Global warming may be putting a serious strain on albatrosses’ relationships.
According to a recent study published by New Zealand’s Royal Society, the famously monogamous birds are separating at higher rates as water temperatures rise. The study points out that 90 percent of bird species remain with the same partner throughout their lives, and only “divorce” if they identify negative factors in the relationship, such as reproductive failures.
The separation rates are typically much lower among albatrosses, with only 1-3 percent of birds leaving their partners in search of a more optimal relationship. However, researchers found that when water temperatures are warmer than usual, such as in 2017, the divorce rate among albatrosses surged to 8 percent. When temperatures drop, so did instances of separation.
The study, which analyzed more than 15,000 breeding pairs between 2004 to 2019, found environmental conditions were becoming an increasing factor in albatrosses’ break-up rates. Warmer water usually results in a shortage of available food, which means many birds will be away from their partners for extended periods as they struggle to search for fish. Food scarcity not only disrupts a couple’s schedule, it can also make it extremely difficult for their offspring to survive.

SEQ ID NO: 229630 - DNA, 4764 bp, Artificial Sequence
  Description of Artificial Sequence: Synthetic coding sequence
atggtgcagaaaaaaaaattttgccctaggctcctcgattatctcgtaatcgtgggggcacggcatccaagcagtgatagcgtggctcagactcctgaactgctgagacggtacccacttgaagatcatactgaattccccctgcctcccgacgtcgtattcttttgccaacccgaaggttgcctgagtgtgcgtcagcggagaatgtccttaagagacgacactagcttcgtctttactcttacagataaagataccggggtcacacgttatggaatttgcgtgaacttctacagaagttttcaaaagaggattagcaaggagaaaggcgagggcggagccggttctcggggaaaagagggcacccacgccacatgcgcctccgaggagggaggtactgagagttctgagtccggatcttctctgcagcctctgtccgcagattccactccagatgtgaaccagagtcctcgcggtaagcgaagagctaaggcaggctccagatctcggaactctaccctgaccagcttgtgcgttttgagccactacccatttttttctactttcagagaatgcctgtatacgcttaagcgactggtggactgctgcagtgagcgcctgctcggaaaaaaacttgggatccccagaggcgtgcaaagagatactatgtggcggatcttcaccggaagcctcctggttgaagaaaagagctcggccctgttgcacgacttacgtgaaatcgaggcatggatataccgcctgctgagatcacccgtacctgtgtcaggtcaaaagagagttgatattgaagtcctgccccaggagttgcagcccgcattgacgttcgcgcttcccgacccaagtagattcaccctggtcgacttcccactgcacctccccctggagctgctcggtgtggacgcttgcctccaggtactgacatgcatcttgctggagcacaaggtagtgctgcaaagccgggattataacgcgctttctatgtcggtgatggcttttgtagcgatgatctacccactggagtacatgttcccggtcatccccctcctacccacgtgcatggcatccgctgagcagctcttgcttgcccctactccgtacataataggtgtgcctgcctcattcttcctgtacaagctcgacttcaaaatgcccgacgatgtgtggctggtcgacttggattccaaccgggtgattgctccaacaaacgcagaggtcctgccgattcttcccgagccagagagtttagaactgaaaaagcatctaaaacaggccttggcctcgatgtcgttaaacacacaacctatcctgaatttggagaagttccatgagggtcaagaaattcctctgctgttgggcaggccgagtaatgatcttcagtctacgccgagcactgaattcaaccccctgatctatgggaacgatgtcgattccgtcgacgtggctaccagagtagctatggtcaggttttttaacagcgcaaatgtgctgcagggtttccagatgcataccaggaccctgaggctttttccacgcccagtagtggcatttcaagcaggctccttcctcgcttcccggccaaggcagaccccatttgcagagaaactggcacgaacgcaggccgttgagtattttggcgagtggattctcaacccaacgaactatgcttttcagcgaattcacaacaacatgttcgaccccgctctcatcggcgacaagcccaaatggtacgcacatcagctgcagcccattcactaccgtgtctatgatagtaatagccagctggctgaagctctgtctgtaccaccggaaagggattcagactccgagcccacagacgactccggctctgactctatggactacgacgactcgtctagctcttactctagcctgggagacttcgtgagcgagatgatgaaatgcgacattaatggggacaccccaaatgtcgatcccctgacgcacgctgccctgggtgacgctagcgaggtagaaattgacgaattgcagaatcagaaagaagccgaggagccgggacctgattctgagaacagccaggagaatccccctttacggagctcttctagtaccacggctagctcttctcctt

Additionally, harsh environmental conditions can also increase stress-related hormones among albatrosses, which they can mistakenly attribute to their partner.
“We propose this partner-blaming hypothesis,” Francesco Ventura, a researcher at University of Lisbon and the study’s co-author, told the Guardian, “… A stressed female might feel this physiological stress, and attribute these higher stress levels to a poor performance of the male.”